Sports Medicine/acl tear


Haskell Knee
Haskell Knee  
QUESTION: I have PVNS in my right knee. In april of 2010, I had the knee scoped for a suspected lateral meniscus tear. There was no tear, but the surgeon said that I had fat pad impingment and significant synovitis. So he cleaned all of that up and at that point the acl and pcl were perfect. In dec of 2011 I knelt down to the ground and felt a pop and has massive pain for about 5 minutes then about 30 minutes later my knee was the size of a grapefruit and couldnt bear ANY weight on it. My doc was pretty certain it was a torn acl. I had the mri the next day which showed an intact acl...but revealed a tumor in the posterior medial compartment. I had surgery a few weeks later with a oncologist to remove the tumor and to his amazement, the acl was completely ruptured and scarred down to the pcl. He said it looked like it had been torn for years based on how much it was atrophied.....the notch was empty except for the pcl and a bunch of pvns synovium. He did not reconstruct at that time because he didnt have concent. So after recovery, I met with a OS for the acl and had surgery scheduled, but then he backed out because he couldnt get a positive lachman, anterior drawer, or pivot shift test....they were all negative. However the knee will shift or buckle to the lateral side when I stress it hard, like launching toward a loose basket ball. I had it buckle while throwing batting practice for my sons baseball team while trying to dodge a ball hit right back at me.  So clinically I am stable, but in real world, uncontrolled situations it will let go. My doc now is reluctant to reconstruct because all of the clinical tests are negative and the post op MRI still shows the acl intact even though he has operative pics showing it missing. I will attach the arthroscopy pics for you to see.  So a year and half ago the acl was visualized at arthroscopy..a year goes by with no mechanisms of injury, the knee popped and swelled, found the pvns and the missing acl, but the knee clinically is stable. Can the scarred acl to pcl in combination of really tight hamstrings produce false negative clinic tests?  Sorry for the book...buts a little complicated.  Any idea's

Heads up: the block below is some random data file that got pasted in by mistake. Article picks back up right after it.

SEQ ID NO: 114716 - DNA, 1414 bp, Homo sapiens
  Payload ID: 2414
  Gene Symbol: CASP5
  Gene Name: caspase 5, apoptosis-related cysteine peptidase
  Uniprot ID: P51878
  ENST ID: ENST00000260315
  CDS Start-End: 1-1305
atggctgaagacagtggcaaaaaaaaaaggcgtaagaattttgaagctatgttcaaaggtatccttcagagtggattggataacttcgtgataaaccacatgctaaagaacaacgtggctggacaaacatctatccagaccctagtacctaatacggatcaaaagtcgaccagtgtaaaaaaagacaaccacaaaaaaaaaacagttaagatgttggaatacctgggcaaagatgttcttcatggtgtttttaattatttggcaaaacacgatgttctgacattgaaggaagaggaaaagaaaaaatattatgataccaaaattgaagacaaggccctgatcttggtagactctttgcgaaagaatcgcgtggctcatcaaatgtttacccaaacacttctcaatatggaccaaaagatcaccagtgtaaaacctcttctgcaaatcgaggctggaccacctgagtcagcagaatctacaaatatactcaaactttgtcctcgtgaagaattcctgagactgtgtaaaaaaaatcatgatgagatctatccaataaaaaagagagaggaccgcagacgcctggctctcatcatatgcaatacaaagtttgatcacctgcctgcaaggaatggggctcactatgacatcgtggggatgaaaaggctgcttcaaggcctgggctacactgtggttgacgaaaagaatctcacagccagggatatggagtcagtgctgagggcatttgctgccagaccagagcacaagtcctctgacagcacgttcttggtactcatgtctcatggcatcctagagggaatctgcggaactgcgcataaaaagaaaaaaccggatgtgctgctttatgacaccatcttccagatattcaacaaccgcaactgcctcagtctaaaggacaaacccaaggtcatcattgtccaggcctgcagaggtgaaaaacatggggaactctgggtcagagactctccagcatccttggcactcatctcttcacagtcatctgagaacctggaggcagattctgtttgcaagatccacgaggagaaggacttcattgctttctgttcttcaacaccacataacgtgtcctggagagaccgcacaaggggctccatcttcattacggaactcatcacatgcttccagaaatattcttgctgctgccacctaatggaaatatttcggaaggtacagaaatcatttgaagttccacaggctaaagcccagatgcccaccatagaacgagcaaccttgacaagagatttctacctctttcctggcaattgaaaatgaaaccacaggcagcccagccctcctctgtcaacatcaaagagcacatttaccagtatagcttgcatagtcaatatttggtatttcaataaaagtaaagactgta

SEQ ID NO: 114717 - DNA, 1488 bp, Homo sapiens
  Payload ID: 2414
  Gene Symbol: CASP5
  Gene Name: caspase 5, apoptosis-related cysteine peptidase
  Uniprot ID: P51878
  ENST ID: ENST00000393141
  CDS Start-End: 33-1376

Sorry for all you've been through and you do have an extensive history.

In short, yes, a scarred down ligament can give a clinical representation of a stable ligament, where in real life situations you are unstable.

I think you are smart to persue further evaluation of your knee especially considering your level of activity in order to protect the cartilage and future integrity of your knee. Should you be interested, Dr. Stone provides Outside Consultations for those who live outside of California. You can send your diagnostic images to him to review. You can learn more at Feel free to contact me directly if you have any questions and you could send your information to my attention.

Whatever you decide, I wouldn't settle for the guidance you are getting right now and would seek further care.

Best of luck and warm regards.

---------- FOLLOW-UP ----------

QUESTION: Thanks for the reply and advise. I do appreciate that. I will actually be in California in a few months, I may try to arrange a time to take advantage of that consult.

Do you think there is any reason to worry about reconstruction with the PVNS in there. Have you guys ever seen a acl atrophy as much as this one did in only a month? This PVNS is brutal!


PVNS is brutal and can be very destructive as you note. Dr. Stone has seen and treated people with extensive PVNS. An updated MRI, ideally within 6 months of evaluation with be important to best evaluate the degree of its effects. If you choose to be seen by Dr. Stone, we will need you to bring all recent images on a CD with you to the evaluation.

Keep me posted on what you decide.

Sports Medicine

All Answers

Answers by Expert:

Ask Experts


Hope T. Horton, RN, BSN


Questions related to knee, shoulder, hip and ankle injuries, including treatment options and what is involved in recovery from injuries including surgical and non surgical interventions.


I an a registered nurse and have worked in orthopaedics and sports medicine for over twenty years (since 1993).

Graduated summa cum laude as the valedictorian from Regis University in Denver, CO with my BSN. Prior to that I was an EMT working in emergency rooms in Vail, CO and Denver, CO as well as on an ambulance in Vail, CO.

Awards and Honors
Elected Valedictorian of my class and awarded to Regent Award for excellence in academics. Elected to Phi Beta Kappa.

©2017 All rights reserved.